IsDefined() function and “catch” operator for AQL

Whenever an expression encounters an error and yields no result, this infects the outer expression it is embedded in — any access to an undefined property voids the whole computation for the current input. There currently is only one way to work around this: CASE conditions “catch” the error and try the next condition instead of erroring out immediately. In order to use this facility, the user must formulate a boolean condition to check the data, though.

CASE _.my_property.some_string ≥ '' => _.my_property.x[3]
CASE TRUE => 'replacement value'

We solve the last part by adding the function IsDefined(<expr>), which takes a single argument and evaluates to TRUE if the expression yields a value and FALSE otherwise. With this, one could write

CASE IsDefined(_.my_property) => _.my_property.x[3]
CASE TRUE => 'replacement value'

This is an improvement in that the incidental complexity of figuring out a suitable boolean condition is taken away.

One common use of this pattern is to include default values in the query in case the data are incomplete (e.g. from an old version). Here, the condition is usually that the desired value should exist, so we introduce the shorthand notation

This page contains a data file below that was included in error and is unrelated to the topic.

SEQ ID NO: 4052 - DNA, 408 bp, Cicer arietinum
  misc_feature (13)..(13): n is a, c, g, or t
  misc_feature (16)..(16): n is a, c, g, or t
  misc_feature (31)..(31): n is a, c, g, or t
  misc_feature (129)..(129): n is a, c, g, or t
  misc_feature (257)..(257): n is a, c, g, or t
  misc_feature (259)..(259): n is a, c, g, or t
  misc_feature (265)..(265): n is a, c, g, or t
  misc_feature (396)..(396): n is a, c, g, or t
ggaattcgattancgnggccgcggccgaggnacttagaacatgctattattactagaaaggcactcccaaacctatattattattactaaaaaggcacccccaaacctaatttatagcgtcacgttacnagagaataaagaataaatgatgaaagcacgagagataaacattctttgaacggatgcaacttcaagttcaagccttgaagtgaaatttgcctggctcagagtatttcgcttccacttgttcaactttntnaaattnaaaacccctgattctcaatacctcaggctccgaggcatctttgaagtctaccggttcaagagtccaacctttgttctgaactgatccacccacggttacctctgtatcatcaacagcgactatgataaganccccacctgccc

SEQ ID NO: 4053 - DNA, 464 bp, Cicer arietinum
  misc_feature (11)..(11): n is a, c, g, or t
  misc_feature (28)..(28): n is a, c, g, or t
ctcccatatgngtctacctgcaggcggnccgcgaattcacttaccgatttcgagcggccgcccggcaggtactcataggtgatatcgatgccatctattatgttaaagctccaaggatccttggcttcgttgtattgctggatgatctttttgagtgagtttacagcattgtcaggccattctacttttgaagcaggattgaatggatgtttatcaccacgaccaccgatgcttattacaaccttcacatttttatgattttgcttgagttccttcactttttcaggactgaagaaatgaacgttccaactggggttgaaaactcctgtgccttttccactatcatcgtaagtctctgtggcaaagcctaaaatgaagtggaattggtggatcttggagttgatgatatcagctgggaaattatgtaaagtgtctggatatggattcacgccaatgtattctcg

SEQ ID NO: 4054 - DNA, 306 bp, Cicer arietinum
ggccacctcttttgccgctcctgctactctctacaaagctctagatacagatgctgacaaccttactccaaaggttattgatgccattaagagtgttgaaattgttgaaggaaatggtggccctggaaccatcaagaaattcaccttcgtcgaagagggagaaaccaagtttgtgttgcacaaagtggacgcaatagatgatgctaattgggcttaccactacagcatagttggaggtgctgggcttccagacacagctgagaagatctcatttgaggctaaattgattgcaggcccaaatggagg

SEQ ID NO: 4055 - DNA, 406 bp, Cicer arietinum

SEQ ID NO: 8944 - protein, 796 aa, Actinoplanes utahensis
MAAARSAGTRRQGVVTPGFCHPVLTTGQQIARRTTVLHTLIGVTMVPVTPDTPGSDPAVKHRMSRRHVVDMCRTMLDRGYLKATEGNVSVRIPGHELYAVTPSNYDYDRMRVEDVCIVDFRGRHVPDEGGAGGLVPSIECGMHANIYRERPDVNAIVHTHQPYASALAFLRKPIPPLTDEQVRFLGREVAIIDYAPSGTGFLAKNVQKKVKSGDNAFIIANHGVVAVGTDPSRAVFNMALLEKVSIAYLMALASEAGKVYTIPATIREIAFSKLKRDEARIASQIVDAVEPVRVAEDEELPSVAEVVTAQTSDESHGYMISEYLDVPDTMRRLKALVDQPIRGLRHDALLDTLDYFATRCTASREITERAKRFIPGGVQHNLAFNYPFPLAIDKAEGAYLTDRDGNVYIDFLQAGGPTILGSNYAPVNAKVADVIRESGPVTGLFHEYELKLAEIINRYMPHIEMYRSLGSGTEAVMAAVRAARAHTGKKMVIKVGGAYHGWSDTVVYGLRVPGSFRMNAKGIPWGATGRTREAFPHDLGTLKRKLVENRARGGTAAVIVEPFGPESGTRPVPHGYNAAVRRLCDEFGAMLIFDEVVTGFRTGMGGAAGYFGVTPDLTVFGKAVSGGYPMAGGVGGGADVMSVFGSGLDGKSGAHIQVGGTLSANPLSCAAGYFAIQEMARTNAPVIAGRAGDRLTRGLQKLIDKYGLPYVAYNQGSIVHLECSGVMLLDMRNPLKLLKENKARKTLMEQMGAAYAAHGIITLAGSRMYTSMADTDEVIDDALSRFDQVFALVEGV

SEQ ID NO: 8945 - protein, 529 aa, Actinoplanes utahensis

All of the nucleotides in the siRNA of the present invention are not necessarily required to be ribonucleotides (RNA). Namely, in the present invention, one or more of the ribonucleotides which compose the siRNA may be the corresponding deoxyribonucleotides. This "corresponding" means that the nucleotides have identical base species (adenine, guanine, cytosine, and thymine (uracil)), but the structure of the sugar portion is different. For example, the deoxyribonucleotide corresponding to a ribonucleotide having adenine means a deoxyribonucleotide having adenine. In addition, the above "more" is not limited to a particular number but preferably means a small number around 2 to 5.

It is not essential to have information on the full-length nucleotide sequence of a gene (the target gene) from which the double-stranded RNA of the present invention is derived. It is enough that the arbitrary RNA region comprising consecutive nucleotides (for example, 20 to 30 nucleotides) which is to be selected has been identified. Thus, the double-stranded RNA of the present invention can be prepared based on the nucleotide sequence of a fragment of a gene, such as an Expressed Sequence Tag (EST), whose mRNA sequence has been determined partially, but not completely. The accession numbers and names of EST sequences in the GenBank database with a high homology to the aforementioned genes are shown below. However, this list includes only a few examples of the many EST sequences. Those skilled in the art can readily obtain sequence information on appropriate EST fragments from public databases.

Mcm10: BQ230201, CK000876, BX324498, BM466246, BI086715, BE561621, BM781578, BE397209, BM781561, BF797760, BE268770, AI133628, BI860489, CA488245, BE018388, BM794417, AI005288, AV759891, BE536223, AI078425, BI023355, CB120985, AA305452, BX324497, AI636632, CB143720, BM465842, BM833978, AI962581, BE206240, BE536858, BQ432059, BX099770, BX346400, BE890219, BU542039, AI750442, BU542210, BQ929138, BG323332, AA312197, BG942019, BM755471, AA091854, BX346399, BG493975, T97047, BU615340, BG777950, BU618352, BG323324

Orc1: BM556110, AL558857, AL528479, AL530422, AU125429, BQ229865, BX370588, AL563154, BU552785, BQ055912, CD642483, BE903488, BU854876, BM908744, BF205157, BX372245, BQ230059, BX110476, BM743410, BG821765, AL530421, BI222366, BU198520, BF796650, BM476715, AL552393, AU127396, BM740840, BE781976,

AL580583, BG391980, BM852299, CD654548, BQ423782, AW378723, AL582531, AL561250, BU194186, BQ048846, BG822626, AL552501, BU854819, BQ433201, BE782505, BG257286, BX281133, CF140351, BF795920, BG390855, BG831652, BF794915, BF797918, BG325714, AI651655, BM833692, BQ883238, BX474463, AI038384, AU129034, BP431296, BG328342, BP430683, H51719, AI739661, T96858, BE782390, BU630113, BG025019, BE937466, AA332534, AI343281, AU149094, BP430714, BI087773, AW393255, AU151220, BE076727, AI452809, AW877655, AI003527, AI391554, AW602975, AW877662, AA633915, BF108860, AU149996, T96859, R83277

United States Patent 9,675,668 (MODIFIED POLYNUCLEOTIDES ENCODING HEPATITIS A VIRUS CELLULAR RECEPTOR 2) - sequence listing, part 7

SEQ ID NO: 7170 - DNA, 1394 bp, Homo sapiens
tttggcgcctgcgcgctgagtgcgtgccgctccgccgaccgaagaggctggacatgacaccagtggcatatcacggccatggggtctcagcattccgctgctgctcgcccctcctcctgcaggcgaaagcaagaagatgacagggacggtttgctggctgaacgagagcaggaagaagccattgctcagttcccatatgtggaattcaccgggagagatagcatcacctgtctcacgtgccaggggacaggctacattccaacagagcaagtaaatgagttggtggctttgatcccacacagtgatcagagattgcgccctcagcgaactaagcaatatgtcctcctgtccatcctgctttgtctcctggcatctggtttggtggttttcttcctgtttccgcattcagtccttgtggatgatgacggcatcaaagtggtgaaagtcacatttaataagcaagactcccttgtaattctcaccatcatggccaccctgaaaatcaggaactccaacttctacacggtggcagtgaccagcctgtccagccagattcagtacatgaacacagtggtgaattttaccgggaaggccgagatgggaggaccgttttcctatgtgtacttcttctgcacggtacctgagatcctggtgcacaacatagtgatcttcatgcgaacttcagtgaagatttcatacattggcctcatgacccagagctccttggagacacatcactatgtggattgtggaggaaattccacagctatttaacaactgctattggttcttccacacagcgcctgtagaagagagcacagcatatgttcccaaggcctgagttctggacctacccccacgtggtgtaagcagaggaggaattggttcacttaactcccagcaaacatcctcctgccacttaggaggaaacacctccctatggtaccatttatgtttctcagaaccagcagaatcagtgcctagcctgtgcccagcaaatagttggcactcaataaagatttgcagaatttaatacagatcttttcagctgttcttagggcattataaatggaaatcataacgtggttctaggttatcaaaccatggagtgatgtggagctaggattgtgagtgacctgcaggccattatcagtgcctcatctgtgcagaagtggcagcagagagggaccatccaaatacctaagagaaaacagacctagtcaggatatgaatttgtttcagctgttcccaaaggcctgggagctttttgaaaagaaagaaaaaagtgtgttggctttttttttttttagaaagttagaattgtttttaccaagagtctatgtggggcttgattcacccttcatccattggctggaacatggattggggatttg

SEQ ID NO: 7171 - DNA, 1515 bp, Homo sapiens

_.desired // 'replacement'

which is equivalent to

CASE IsDefined(_.desired) => _.desired
CASE TRUE => 'replacement'

Formally, // is a binary operator with the lowest precedence.

Definitely a useful feature from my PoV.
However, I find using // as shorthand confusing, it looks like a comment to me.
I’d suggest using ?? or ?: as known from null(-ish) coalescing / elvis operators in many languages*.


* // actually seems to be the Perl way of saying defined-or, but who knows / wants to know Perl these days?

The pointer to nullish-coalescing ?? makes an interesting point: it treats NULL also as non-satisfactory, not only undefined inputs. This seems like a very useful feature because producing a non-satisfactory value for the left-hand side right now requires some gymnastics like ([])[0] — NULL would be so much more obvious.

I think we should go with that proposal. ?: is too close to the ternary operator from C-like language, I’d like to avoid that.

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